What the debut writer Kristen Roupenian learned from a masterful tale that dramatizes the horrors of being a young woman
John Wray describes how a wilderness survival guide taught him to face his fears while completing his most challenging book yet.
Nicole Chung explains how an essay about sailing taught her to embrace her fears as she worked up to writing her memoir, All You Can Ever Know.
Gary Shteyngart dissects one of the “most unexpected” lines in fiction and shares how it influenced his latest novel, Lake Success.
The author Laura van den Berg on what inspired her newest novel, The Third Hotel, and how she accesses the part of the mind that fiction comes from
The author R. O. Kwon reflects on the relationship of rhythm to writing and how she stopped obsessing over the first 20 pages of her new novel, The Incendiaries.
The National Book Award finalist Min Jin Lee on how the story of Joseph, and the idea that goodness can come from suffering, influences her work
The Little Fires Everywhere novelist Celeste Ng explains how the surprising structure of the classic children’s book informs her work.
The Sour Heart author discusses Roberto Bolaño’s “Dance Card,” humanizing minor characters through irreverence, and homing in on history’s footnotes.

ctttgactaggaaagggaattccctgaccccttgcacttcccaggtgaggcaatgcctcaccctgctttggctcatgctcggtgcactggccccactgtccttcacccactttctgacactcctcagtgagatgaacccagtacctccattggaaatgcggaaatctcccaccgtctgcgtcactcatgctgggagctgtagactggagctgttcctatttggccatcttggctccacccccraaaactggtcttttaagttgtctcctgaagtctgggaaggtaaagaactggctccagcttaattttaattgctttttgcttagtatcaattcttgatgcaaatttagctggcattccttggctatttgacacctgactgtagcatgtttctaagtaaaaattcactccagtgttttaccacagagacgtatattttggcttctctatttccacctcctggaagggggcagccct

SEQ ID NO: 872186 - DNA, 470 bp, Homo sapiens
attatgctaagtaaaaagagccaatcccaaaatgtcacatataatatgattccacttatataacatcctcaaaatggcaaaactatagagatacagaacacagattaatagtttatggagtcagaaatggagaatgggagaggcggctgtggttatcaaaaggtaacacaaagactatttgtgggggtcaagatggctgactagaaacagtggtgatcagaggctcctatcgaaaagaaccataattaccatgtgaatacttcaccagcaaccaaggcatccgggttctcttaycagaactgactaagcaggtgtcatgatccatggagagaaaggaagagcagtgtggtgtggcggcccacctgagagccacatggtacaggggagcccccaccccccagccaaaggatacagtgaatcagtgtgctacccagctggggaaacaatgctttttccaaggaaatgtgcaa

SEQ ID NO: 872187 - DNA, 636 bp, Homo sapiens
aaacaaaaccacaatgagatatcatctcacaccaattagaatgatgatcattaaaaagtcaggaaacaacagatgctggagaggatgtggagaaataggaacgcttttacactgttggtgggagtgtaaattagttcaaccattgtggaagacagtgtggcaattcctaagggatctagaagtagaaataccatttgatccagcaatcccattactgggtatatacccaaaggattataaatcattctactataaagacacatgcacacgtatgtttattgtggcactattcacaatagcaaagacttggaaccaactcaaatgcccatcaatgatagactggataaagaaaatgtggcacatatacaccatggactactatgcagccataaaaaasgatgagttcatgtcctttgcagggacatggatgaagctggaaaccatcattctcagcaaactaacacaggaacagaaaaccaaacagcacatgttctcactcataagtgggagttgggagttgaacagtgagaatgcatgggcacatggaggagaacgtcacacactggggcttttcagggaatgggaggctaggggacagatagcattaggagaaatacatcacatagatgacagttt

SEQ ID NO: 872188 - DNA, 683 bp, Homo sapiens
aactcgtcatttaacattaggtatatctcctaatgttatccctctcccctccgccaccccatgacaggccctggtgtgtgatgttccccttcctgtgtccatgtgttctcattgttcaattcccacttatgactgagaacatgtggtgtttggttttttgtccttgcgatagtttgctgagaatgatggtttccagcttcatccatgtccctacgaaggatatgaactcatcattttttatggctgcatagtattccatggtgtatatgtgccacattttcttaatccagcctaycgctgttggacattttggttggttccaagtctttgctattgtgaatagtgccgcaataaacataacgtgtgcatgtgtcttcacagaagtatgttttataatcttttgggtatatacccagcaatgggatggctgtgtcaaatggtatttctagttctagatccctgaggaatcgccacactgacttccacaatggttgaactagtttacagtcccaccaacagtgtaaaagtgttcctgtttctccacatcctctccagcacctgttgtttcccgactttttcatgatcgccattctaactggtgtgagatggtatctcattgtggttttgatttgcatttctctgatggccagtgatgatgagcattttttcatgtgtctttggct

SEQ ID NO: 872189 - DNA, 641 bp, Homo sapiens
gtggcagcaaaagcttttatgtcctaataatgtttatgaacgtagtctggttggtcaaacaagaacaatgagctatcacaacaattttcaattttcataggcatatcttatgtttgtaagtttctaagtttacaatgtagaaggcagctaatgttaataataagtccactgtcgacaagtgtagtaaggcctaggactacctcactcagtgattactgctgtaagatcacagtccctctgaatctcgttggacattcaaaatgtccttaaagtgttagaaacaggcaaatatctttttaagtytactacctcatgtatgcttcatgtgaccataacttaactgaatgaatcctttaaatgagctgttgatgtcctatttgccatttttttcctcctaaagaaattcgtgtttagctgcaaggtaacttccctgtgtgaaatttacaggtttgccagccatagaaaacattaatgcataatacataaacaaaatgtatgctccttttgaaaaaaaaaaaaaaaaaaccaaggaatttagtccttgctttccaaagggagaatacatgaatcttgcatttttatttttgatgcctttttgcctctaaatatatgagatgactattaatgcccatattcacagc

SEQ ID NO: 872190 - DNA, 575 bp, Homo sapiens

The novelist Victor LaValle on how dark material hits hardest when it’s balanced out with wonder
Highlights from 12 months of interviews with writers about their craft and the authors they love
Franz Kafka’s work taught the writer Jonathan Lethem about how to incorporate chaos into narratives.
The novelist Nell Zink discusses the psalm that inspired her, and what she learned about the solitary artistic process from her Catholic upbringing.
The poem “Wild Nights! - Wild Nights!” taught the novelist Emma Donoghue about sexuality, ambiguity, and intimacy.
The novelist and poet Alice Mattison discusses finding inspiration in the unconventional short stories of Grace Paley.
For the writer Mark Haddon, Miles Davis’s seminal jazz album Bitches Brew is a reminder of the beauty and power of challenging works.
Despite critics’ dismissal of activist-minded fiction, the author Lydia Millet believes that Dr. Seuss’s classic children’s book is powerful because of its message, not in spite of it.
The writer Kathryn Harrison believes that words flow best when the opaque, unknowable aspects of the mind take over.
Dostoyevsky taught the writer Charles Bock that inventive writing is the most effective way to conjure reality.
Melissa Broder of So Sad Today finds solace in Ernest Becker’s The Denial of Death and in her own creative process.